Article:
Does This Make Me Look Like A Big Ass? Commenting On People’s Weight

If you know anything about me, it’s that I am plugged into social media all the time. If you’ve seen a meme or news story, there’s a good chance I’ve already seen it. Some of that is because I have a smartphone that allows me to check social media and news sites all day long (think of all the wait time there is in a day). Mostly it’s because not only am I very curious but I’m also easily distracted. (Think Squirrel! and you have me at about half intensity. Just ask Mister Soandso.) You also know that I sometimes use profanity. Today is one of those times. Proceed with caution, yo.

So this morning, I checked in on Twitter as I waited for the coffee to do its thing. I follow a gent by the name of Matt Staggs. Mostly he posts cool stories he finds on the internet, but sometimes he posts stuff that’s going on in his life. And this morning he tweeted about what was going on in his life right at that moment.

Matt walked into his favorite coffee shop, Cups Flowood, and witnessed a customer berating the barista, Susan, about her weight. Berating as in “How much do you weigh? Do you go to art museums? Would you call yourself Rubenesque?”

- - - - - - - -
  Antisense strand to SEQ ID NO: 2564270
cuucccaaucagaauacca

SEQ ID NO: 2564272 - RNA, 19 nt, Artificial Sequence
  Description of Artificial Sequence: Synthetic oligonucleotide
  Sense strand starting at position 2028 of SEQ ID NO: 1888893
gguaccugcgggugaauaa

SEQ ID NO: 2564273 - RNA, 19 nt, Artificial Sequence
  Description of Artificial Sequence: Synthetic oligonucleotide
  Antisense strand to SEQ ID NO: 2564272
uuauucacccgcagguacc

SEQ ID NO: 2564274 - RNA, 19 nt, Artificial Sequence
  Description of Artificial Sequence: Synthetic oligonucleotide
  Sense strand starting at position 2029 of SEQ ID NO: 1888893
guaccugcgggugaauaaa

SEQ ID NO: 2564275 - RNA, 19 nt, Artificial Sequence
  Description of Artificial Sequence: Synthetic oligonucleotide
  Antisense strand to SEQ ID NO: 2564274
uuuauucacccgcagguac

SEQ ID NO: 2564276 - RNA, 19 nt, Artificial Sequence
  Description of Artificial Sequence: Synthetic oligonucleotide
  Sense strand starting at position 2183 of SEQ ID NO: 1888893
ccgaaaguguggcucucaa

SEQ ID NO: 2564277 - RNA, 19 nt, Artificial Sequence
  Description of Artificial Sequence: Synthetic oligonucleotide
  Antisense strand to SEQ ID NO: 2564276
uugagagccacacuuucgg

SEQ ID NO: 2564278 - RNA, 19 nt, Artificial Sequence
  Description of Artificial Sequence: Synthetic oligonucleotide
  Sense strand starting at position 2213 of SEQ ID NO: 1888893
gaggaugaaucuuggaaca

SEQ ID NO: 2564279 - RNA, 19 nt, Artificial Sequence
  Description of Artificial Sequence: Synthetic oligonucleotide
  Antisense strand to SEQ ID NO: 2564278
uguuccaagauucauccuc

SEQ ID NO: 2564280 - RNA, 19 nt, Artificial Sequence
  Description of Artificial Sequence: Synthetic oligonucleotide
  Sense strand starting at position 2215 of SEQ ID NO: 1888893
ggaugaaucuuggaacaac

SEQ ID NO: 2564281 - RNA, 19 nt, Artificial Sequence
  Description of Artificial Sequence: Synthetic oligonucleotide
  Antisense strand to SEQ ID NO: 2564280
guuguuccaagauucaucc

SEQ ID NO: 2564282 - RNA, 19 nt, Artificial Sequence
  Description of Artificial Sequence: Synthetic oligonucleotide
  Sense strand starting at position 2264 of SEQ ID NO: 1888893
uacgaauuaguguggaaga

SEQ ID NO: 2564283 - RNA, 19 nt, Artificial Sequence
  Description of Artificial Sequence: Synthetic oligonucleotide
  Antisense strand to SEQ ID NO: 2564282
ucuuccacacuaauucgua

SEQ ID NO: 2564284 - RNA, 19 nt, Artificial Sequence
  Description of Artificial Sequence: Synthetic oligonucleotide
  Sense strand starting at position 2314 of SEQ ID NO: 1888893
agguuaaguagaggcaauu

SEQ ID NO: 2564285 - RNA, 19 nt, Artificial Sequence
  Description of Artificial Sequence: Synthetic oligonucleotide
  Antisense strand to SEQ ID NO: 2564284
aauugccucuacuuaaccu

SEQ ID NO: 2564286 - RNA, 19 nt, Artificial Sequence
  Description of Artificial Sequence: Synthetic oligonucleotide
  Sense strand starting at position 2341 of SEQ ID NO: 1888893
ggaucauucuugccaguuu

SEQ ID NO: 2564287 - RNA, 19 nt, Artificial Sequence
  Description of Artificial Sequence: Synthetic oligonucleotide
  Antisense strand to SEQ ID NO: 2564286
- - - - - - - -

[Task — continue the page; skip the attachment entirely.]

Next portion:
For the record, Matt posted Susan’s picture on Twitter and I can say with 100% certainty that she is adorable. But even if she weighed hundreds of pounds over whatever the hell is a healthy BMI, who asks a person that sort of thing? I suppose the man in question could possibly be on a social disorder spectrum, but my guess is that any diagnosis needed would simply be this: the guy is an ass.

Let me put this out there in very simple terms: don’t talk about people’s bodies. Ever. Because when you do, you hurt them. No matter how they respond – perhaps with a laugh or by ignoring you, you have hurt them. And that makes you no better than the bullies stealing lunch money of yesteryear or the bullies spreading lies on the internet of today.

This isn’t the first story about commenting on other people’s bodies I’ve heard this week. If I looked for it, I’d probably be able to do a 15 second web search and come up with 100s of stories. Just this week I read on Facebook about a woman snidely commenting to her friend that the woman in line ahead of them should be ashamed to wear yoga pants with a “ass that size.” The woman in question turned around and told the snarky bitch that she was actually feeling pretty good in her yoga pants and about the size of her ass seeing as how she had recently lost 80 pounds through hard work.